Last week I talked about who to ask as a guest on your podcast and how to go about asking them.
This week is Part 2: things to do after your guest has said yes.
Yes, there have been times I’ve done a happy dance when a guest has agreed to be on the show. Do this in private.
Although you should proudly publicize your upcoming interview with your fabulous guest, be professional. Avoid phrases like #InURfaceSucka or #NaNaNaNaNaNa.
Once your guest agrees to an interview, there’s a lot you can do to make them feel comfortable about coming on the show. The main thing is to send a follow-up email with the nitty-gritty details spelled out. Compose this email succinctly but include all the info they need. Don’t send a bunch of follow-up emails unless the situation warrants it. They are not your new best friend…yet.
- Repeat the date and time of the interview, including the year and time zone.
- List any equipment they’ll need (internet access, a camera, headphones, microphone, etc.). Most of the accommodations should be on your end; your guest shouldn’t have to buy equipment to be on your show. Laptops and iPhones have cameras and microphones. If they do not have their own microphone, simply suggest they borrow one from a gaming friend. Sound quality will ruin an interview with a great guest.
- Let them know what service, if any, you’ll be recording over (Skype, Google hangout, etc.) because they may need to create an account and get invited to be in your contacts. Don’t do this the day of the show.
- Give them your Skype or Google account ID so they can send you an invite or simply know that @naughtymanbitts is actually you and not a stalker (although I recommend changing that handle immediately).
- Let them know if your show is pre-recorded or live. If pre-recorded, communicate with them when and where the show will be posted.
- Make sure your guest knows if you do video as well as audio; they may want to shave, put on makeup, or wear pants that day.
- If you have co-hosts or you will have multiple guests on the show, let everyone know and to what extent they will each be participating.
- Tell them how long the show lasts and if they are expected to be there for the entire show or just a portion. Don’t have guests sitting through segments they won’t be participating in.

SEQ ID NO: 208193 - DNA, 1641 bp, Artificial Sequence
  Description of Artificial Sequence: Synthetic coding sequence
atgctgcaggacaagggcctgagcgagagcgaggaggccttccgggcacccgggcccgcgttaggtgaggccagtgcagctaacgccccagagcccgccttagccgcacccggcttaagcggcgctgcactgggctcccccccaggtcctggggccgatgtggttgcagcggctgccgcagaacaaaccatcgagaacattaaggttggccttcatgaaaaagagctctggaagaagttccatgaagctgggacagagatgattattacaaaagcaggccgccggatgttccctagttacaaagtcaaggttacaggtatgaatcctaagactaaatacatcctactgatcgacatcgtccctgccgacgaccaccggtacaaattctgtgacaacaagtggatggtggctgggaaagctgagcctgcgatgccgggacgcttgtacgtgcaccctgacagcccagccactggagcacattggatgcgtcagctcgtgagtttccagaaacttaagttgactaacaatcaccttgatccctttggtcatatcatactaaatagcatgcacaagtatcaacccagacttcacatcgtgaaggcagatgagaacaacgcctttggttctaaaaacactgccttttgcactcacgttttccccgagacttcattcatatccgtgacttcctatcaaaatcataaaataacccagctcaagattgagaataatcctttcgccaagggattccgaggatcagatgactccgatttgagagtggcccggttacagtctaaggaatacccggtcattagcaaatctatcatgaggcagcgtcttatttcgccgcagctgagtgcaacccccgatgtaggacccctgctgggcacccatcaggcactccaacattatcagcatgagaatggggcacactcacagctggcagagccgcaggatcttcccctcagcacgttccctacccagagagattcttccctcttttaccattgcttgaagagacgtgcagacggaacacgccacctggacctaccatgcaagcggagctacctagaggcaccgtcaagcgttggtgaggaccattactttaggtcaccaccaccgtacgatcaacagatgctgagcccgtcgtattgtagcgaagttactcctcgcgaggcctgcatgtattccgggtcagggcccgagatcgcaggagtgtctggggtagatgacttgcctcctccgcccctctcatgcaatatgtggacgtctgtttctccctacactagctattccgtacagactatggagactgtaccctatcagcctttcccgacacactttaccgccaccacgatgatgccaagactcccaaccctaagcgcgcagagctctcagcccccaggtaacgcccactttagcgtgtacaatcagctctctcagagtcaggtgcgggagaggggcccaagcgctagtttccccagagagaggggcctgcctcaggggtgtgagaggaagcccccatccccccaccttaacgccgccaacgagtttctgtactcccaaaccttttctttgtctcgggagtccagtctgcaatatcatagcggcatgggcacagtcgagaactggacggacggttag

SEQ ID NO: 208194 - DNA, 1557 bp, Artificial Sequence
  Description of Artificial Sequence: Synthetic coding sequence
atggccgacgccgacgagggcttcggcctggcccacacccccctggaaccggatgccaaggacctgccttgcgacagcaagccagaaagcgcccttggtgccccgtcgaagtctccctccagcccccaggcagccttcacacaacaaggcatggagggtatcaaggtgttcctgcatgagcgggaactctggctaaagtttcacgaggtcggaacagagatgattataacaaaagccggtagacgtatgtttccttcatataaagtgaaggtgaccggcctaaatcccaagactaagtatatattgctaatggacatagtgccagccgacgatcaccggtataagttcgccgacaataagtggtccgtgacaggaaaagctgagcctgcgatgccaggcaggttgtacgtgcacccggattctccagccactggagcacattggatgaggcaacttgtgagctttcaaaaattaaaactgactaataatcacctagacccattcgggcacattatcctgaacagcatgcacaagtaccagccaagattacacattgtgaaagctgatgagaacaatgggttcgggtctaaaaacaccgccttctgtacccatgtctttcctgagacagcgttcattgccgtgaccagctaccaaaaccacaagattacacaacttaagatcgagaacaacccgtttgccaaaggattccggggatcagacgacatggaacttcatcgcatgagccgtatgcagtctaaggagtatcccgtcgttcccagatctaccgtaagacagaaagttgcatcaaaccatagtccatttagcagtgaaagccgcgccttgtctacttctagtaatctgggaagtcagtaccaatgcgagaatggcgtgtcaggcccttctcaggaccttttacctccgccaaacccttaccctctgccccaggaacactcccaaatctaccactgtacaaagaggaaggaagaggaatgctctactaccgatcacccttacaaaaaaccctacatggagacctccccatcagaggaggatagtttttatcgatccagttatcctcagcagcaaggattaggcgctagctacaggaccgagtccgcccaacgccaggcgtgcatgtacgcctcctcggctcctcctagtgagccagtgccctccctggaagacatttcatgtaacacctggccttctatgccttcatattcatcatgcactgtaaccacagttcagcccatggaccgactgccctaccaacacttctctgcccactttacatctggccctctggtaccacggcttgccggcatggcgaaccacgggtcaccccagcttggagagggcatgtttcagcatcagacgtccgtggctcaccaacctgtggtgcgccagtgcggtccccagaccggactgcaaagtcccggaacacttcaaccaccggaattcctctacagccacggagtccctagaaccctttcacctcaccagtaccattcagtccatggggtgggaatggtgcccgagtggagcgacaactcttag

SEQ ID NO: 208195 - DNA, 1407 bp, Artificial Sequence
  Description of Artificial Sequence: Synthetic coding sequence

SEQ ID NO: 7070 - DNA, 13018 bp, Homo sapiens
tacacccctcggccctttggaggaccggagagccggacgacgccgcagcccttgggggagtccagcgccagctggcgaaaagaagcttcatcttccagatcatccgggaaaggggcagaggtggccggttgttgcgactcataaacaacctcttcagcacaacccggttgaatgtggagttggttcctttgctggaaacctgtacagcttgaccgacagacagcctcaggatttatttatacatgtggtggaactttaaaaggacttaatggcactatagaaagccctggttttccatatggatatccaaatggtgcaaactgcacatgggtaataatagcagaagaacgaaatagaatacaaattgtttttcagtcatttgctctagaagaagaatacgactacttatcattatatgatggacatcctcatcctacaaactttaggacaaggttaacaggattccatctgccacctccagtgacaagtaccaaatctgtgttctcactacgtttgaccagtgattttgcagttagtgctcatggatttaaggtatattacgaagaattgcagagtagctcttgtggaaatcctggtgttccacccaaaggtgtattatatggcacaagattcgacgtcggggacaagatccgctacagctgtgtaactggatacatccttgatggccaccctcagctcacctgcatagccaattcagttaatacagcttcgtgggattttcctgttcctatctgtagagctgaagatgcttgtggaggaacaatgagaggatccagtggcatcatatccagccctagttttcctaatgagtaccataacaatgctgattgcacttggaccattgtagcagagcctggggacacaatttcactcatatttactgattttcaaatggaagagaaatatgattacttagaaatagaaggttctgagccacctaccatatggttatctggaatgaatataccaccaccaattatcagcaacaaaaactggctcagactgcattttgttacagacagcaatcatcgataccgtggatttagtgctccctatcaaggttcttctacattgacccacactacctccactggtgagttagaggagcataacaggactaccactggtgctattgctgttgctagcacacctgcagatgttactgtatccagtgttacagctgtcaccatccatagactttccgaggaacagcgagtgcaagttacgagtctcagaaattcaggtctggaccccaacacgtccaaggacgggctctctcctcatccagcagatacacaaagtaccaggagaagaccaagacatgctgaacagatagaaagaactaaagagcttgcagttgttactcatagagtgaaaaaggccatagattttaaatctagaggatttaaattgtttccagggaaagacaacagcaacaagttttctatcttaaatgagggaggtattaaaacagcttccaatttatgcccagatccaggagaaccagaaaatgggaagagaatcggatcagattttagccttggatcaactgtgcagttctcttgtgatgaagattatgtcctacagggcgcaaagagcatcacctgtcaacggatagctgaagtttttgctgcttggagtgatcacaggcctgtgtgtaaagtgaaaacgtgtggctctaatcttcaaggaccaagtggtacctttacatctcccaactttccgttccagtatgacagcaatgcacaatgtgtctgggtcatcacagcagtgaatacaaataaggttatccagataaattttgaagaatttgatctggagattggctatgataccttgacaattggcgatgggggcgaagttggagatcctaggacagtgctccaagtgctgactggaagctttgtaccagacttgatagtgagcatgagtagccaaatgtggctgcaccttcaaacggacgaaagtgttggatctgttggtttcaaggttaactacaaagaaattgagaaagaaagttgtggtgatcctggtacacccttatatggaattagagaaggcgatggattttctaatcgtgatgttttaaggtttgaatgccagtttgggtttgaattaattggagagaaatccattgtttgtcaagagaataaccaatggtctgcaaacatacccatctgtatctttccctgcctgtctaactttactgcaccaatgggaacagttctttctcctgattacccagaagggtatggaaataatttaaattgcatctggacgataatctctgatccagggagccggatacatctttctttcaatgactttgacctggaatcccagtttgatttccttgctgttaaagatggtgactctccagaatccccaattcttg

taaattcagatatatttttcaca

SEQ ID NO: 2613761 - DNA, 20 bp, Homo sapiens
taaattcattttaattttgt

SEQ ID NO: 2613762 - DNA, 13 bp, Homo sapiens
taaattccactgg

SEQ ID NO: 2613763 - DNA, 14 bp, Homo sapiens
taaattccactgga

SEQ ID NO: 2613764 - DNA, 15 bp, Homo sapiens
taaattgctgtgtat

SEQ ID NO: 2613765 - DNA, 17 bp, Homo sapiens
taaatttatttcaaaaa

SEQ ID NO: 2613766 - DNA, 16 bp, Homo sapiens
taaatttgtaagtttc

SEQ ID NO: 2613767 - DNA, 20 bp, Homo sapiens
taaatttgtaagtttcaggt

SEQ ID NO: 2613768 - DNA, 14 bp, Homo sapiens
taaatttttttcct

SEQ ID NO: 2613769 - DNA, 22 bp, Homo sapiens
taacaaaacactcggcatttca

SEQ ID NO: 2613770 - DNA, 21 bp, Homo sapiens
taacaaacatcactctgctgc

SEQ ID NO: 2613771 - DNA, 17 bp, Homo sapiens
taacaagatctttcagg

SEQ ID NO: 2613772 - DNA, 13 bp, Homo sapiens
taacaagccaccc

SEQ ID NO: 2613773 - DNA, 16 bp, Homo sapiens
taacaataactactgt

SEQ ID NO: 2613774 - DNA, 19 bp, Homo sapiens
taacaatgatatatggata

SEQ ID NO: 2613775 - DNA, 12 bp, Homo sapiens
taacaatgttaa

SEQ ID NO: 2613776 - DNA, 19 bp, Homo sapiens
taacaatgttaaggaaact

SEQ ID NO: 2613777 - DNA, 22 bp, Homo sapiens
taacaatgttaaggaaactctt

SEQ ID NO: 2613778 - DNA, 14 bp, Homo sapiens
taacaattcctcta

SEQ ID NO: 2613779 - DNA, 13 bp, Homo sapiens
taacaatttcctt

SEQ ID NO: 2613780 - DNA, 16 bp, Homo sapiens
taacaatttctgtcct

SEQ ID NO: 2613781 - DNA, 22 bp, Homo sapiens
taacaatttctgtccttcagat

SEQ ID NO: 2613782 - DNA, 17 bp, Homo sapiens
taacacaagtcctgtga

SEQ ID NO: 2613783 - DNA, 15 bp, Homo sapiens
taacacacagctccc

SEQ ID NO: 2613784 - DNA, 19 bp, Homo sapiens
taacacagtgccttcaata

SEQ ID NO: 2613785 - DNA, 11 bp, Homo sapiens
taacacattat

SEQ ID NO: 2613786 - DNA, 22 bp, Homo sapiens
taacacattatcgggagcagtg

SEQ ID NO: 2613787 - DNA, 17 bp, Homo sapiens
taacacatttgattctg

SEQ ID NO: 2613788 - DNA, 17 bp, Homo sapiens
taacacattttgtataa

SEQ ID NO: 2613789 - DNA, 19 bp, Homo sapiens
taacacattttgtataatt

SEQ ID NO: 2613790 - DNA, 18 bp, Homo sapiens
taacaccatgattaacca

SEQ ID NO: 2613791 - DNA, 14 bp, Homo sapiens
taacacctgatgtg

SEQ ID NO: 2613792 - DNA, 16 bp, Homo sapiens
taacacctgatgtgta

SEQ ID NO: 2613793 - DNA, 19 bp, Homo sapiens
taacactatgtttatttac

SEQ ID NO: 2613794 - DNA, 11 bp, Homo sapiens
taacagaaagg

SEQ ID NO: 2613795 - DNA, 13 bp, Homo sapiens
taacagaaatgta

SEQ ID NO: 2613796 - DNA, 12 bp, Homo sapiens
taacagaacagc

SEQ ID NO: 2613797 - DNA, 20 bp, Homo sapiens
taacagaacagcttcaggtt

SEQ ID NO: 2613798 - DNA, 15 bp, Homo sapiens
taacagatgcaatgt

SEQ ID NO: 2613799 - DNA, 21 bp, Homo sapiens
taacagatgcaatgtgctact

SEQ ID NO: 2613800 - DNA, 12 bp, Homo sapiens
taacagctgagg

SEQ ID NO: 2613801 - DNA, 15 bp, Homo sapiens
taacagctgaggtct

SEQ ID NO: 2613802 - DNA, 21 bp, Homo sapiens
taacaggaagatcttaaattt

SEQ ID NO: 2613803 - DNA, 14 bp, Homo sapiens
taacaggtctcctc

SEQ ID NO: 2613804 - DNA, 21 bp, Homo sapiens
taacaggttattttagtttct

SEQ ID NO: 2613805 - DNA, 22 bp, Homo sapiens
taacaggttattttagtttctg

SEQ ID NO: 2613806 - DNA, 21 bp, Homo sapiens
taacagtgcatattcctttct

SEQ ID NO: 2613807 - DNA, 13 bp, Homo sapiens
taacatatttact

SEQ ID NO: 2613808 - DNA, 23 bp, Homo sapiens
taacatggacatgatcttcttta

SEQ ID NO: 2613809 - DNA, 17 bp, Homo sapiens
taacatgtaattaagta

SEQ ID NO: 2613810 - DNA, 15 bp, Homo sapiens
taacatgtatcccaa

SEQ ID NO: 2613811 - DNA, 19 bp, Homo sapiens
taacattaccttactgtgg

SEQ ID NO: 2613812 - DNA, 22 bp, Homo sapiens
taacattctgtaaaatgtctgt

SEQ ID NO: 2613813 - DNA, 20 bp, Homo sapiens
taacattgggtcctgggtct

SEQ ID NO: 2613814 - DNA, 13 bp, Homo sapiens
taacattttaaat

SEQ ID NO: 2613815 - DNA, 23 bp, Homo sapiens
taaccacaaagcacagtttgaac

- If you can, send the guest sample questions ahead of time. This is another way of making them comfortable. A guest doesn’t want to look or sound stupid. If you make the guest look good, they are more likely to share your show with their network. I’ve also been surprised by how many guests have told me they were nervous. The preemptive interview questions help.
- Have the guest provide you with any social media contact information they want to pass on to your audience as well as details of any of their upcoming events. This lets your guest know you are ready to promote them.
This may seem like a lot of information but, again, I want my guests to relax. When an interview goes well, the time flies, you have so much fun, and you feel like old friends. And your guest will tweet, link, like, and post your show which is equivalent to cha-ching in podcasting.
You’ve sent your email off and now you’re waiting for the show date. This is a good time to brainstorm about other guests you’d like to invite on the show. Keep a running list and be active in social media, listening to podcasts, and news in your field for other potential guest ideas.
If you’re doing shock podcasting or attack interviews, most of this information isn’t necessary. Your point is to catch your guests off their guard and possibly make them look bad. It’s not the kind of interviews I like to do but keep your mission in mind when applying these tips.
I’ll Give You a Topic
If Patrick Stewart was a guest on your show, what one question would you ask him?
Same for William Shatner.
What’s preventing you from starting your own podcast?